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Townsend Security Data Privacy Blog

CIOs in Healthcare Still in a Reactive Posture

Posted by Patrick Townsend on Jul 12, 2012 8:50:00 AM

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The Healthcare industry is still struggling to come to terms with the new HIPAA/HITECH requirements to protect patient health information. There are now clear requirements to protect patient information (called Protected Health Information, or PHI) from loss, and data breach notification is now mandatory, but CIOs in the medical segment have not yet developed pro-active attack plans to secure their data, and are caught by surprise when they experience a data breach - something that is happening at an alarming rate.

Why is this?

I think we can understand this by looking back at the history of the Payment Card Industry rollout of data security standards about 8 years ago. In the early days of PCI DSS compliance, many companies also took a reactive stance regarding the regulations. I heard CIOs say that they thought their data was already safe, that their IT staff assured them that everything was OK, and even that they would only do something if they had a loss and were forced to make changes. I even heard “I’ll pay the fine and do the time if I get caught.”

It took a number of years before CIOs and their executive teams who fell under PCI DSS to come to understand the real impacts of data breaches and developed a pro-active stance around data protection. Companies came to realize that data breach costs went far beyond the initial fines for non-compliance. There are litigation costs, costs for notifications, new external audit requirements that extended years into the future, opportunity costs while valuable staff focused on fixing the problem and not enhancing the business, and a loss of confidence by their customers and partners. Additonally, breaches can create a public relations nightmare for your company and possible long-term damage to the brand. All of these have real impacts on the bottom line.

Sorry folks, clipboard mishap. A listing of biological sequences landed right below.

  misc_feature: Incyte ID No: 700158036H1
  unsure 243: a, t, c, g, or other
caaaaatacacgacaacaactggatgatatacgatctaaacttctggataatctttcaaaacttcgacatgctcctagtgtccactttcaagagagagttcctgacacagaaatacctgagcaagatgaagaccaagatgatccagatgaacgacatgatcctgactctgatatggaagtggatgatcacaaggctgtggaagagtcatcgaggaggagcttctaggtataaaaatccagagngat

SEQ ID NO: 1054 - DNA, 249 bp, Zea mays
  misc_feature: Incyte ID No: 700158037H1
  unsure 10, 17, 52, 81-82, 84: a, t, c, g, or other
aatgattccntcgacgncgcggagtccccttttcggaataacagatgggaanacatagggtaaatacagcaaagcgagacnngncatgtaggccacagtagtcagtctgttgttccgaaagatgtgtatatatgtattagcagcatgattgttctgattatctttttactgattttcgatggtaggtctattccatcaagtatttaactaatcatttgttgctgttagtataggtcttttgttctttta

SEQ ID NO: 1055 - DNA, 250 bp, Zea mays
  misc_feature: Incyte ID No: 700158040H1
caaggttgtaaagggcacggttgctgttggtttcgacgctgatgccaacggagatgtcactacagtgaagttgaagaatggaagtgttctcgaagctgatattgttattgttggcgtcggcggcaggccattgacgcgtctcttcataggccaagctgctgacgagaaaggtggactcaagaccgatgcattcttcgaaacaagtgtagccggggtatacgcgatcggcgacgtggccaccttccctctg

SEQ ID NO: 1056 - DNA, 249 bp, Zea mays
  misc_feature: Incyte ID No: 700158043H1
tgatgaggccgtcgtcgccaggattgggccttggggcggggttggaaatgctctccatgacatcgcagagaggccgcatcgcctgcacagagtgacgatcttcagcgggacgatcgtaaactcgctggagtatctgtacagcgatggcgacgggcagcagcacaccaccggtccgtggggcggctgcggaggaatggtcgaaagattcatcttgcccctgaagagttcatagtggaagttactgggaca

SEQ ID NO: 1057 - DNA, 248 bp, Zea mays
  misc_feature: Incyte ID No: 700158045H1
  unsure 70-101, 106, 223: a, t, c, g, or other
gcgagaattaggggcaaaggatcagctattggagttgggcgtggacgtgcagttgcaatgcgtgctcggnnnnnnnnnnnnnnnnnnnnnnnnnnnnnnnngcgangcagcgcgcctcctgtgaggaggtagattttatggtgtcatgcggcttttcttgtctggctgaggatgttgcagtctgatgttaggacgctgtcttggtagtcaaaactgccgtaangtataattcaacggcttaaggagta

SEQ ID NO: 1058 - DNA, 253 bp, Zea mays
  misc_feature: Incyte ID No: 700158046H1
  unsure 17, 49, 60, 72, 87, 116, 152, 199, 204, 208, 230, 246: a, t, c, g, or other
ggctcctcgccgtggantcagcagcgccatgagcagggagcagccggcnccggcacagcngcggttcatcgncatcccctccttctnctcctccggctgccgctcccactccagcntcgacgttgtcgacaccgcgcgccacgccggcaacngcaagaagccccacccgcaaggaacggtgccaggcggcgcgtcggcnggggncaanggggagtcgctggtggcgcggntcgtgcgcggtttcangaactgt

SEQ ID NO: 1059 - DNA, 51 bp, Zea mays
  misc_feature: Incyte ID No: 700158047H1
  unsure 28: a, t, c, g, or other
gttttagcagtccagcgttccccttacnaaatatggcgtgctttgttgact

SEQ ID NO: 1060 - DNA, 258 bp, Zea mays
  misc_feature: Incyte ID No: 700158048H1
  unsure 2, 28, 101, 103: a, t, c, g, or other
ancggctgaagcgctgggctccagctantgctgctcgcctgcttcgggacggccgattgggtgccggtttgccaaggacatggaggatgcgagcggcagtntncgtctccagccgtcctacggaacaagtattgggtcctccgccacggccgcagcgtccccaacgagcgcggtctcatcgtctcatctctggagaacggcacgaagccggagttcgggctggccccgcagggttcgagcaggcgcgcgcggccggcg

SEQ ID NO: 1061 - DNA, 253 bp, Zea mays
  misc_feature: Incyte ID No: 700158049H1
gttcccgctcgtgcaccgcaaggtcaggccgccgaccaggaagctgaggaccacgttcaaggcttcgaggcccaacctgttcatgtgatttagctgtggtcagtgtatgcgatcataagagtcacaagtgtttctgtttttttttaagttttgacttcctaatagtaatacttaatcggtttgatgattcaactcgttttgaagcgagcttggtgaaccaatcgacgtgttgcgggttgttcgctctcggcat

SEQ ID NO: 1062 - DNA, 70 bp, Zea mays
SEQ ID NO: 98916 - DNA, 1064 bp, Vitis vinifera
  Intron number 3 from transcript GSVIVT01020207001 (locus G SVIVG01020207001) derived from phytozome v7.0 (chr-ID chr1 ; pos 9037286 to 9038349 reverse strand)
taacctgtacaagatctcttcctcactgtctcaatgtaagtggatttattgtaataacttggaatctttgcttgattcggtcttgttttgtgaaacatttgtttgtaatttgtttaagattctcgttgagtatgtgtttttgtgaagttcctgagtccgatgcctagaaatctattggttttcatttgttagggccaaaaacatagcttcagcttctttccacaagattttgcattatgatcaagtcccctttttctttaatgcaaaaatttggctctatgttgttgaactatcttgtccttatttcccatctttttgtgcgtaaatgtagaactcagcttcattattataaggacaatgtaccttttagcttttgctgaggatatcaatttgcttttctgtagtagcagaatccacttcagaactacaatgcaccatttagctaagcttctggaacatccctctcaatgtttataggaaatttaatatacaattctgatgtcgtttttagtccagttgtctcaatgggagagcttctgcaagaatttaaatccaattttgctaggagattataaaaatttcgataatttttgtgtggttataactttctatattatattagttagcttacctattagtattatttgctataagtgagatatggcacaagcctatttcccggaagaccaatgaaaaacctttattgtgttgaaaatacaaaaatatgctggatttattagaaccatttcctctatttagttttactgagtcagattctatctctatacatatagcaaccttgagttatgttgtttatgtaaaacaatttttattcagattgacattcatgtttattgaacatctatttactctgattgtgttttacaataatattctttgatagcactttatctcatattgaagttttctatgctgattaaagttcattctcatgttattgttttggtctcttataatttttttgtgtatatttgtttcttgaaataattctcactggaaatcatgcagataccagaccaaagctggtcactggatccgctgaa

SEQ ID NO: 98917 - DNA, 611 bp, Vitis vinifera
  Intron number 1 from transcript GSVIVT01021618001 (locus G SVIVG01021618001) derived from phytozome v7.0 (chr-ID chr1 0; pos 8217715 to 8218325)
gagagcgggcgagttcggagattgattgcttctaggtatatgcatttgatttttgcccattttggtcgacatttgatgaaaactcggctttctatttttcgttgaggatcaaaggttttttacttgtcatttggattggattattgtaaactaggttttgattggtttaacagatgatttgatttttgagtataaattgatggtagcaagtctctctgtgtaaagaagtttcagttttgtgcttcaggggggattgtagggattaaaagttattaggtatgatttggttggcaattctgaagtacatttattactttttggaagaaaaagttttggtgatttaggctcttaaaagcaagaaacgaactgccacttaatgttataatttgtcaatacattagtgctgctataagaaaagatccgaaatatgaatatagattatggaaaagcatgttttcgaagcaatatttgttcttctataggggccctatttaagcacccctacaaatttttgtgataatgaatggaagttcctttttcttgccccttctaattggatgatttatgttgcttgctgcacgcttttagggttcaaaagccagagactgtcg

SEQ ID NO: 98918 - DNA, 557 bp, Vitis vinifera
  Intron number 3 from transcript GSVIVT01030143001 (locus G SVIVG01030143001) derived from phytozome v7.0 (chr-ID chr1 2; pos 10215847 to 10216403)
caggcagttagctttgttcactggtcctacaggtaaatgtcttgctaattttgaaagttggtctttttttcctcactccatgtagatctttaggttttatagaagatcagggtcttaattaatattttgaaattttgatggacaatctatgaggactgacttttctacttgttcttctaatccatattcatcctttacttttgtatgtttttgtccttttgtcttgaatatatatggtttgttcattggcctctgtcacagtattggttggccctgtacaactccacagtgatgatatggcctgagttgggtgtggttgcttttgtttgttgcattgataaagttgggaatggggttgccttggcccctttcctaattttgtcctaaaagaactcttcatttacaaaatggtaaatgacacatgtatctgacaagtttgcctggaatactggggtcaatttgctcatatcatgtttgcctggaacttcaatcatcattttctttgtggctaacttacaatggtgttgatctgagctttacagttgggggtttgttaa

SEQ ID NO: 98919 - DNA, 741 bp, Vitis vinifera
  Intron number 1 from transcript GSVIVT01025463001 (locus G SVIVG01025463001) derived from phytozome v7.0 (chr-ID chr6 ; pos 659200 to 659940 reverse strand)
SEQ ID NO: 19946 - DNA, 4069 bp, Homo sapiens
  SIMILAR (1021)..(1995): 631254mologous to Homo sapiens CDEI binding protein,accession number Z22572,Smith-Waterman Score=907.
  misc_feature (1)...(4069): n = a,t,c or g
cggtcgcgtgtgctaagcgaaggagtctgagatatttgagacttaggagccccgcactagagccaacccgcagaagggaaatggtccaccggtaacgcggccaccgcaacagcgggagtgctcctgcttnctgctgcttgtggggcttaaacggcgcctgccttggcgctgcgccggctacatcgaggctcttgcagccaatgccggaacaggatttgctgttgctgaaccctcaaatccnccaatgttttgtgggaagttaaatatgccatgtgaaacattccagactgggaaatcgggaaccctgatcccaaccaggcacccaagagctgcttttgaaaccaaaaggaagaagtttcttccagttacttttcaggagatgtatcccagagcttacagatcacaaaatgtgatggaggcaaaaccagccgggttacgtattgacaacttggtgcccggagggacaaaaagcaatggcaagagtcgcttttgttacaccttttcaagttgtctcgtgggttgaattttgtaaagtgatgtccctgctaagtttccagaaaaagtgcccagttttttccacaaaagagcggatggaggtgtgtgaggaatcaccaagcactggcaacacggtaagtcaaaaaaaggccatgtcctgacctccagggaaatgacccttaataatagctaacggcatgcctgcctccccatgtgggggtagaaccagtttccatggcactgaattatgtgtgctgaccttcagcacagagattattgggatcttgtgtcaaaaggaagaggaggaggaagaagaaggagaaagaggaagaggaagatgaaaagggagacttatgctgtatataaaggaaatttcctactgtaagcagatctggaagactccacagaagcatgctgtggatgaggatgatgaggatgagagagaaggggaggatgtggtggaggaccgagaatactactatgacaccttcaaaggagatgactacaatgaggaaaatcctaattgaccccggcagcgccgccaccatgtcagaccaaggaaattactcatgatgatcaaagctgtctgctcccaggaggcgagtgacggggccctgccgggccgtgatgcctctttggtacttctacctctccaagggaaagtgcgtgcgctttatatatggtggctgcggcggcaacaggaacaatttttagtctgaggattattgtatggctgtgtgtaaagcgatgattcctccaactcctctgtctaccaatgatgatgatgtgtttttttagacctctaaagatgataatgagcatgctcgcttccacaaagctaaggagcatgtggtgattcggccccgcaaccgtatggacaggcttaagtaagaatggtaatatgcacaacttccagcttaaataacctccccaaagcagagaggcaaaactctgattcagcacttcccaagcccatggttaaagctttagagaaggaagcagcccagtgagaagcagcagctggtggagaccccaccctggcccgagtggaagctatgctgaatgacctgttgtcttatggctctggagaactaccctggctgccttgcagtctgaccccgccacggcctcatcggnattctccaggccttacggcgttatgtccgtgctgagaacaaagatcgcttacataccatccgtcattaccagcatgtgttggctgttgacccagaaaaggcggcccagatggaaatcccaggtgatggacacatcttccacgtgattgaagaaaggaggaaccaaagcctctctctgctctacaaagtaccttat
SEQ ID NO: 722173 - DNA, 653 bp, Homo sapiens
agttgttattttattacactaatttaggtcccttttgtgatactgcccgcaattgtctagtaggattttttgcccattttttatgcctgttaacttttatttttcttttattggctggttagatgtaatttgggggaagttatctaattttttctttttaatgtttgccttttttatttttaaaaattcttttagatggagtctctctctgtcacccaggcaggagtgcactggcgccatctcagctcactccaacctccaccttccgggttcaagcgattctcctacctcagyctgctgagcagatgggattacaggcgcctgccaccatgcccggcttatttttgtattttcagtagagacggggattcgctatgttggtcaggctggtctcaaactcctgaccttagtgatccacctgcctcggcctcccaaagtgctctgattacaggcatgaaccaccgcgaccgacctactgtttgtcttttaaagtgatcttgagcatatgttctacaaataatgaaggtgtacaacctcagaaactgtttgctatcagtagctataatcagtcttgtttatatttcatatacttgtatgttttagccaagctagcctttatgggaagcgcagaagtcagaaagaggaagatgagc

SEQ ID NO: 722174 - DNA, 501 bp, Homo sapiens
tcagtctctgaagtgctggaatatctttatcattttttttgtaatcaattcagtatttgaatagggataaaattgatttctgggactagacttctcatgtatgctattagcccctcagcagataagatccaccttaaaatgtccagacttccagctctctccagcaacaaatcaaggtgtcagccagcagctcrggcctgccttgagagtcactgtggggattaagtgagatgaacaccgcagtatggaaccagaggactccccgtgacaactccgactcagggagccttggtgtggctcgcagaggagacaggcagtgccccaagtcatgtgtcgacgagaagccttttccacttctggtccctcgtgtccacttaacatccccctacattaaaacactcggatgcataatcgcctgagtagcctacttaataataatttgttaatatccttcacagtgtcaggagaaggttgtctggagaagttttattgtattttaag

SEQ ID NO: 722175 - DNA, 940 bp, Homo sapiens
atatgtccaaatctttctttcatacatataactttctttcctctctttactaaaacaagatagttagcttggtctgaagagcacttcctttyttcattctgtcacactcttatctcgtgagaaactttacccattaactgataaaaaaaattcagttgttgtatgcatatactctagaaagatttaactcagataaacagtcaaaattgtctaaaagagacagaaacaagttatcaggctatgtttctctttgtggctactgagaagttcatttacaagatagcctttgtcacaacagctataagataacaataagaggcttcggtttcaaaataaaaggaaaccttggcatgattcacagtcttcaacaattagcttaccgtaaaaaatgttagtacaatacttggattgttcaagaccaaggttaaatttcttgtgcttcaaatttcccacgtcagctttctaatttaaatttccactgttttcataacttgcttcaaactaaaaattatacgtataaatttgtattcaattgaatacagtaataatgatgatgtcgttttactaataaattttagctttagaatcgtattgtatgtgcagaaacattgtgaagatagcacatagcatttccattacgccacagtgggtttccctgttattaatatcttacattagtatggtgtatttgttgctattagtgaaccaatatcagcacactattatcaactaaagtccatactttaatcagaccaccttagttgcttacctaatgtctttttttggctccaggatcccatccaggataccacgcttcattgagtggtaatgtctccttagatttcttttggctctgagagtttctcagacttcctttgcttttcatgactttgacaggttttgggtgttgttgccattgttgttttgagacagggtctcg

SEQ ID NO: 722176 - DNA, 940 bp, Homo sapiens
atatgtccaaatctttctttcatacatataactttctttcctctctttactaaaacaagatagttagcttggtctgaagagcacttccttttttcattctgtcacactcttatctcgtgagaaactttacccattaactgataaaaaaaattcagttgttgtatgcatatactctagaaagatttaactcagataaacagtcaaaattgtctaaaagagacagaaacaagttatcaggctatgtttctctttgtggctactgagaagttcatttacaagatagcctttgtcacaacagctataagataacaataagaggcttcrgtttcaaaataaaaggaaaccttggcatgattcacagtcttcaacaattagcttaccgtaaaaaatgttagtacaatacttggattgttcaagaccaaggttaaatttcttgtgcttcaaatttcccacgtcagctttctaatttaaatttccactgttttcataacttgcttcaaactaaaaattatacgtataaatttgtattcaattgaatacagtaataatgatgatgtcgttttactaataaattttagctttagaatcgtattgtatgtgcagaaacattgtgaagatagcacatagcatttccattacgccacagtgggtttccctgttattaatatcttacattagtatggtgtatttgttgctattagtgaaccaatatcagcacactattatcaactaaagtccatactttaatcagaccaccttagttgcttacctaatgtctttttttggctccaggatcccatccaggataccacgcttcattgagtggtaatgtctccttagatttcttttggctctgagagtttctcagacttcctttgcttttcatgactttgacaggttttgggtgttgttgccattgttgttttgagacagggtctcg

When companies in the payment industry fully grasped the impacts of a data breach, they went to work pro-actively to protect sensitive data.

The Healthcare industry is not there yet.

What can a CIO do to change their organization’s posture on protecting PHI? Here are some things to start on:

  • Educate senior management on the real costs of a data breach. (This is probably the most important first step - everyone has to buy into the need and the plan).
  • Involve your IT professionals in creating an inventory of PHI every place it resides in your organization.
  • Identify everywhere in your IT systems where you receive PHI from outside sources, and where you send PHI to outside sources.
  • Create a plan to encrypt PHI and protect the encryption keys.
  • Prioritize your projects. There will be low hanging fruit – places where putting encryption in place is relatively fast and painless.
  • Focus on execution. “Are we there yet?”

I know that the Healthcare industry will eventually get to the right posture on data protection. It will take some time before the realities are well known. But as I talk to CIOs at companies who have experienced a data breach, I know that they get it. Hopefully, these painful lessons will seep into the larger industry sooner rather than later, and you won’t be that CIO who wakes up one morning to the unpleasant surprise of a data breach.

Patrick


View our webcast “Protecting PHI and Managing Risk – HIPAA/HITECH Compliance” to learn how your organization can manage their risk of a data breach and achieve breach notification safe harbor status.

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Topics: HITECH, Best Practices, HIPAA, Healthcare

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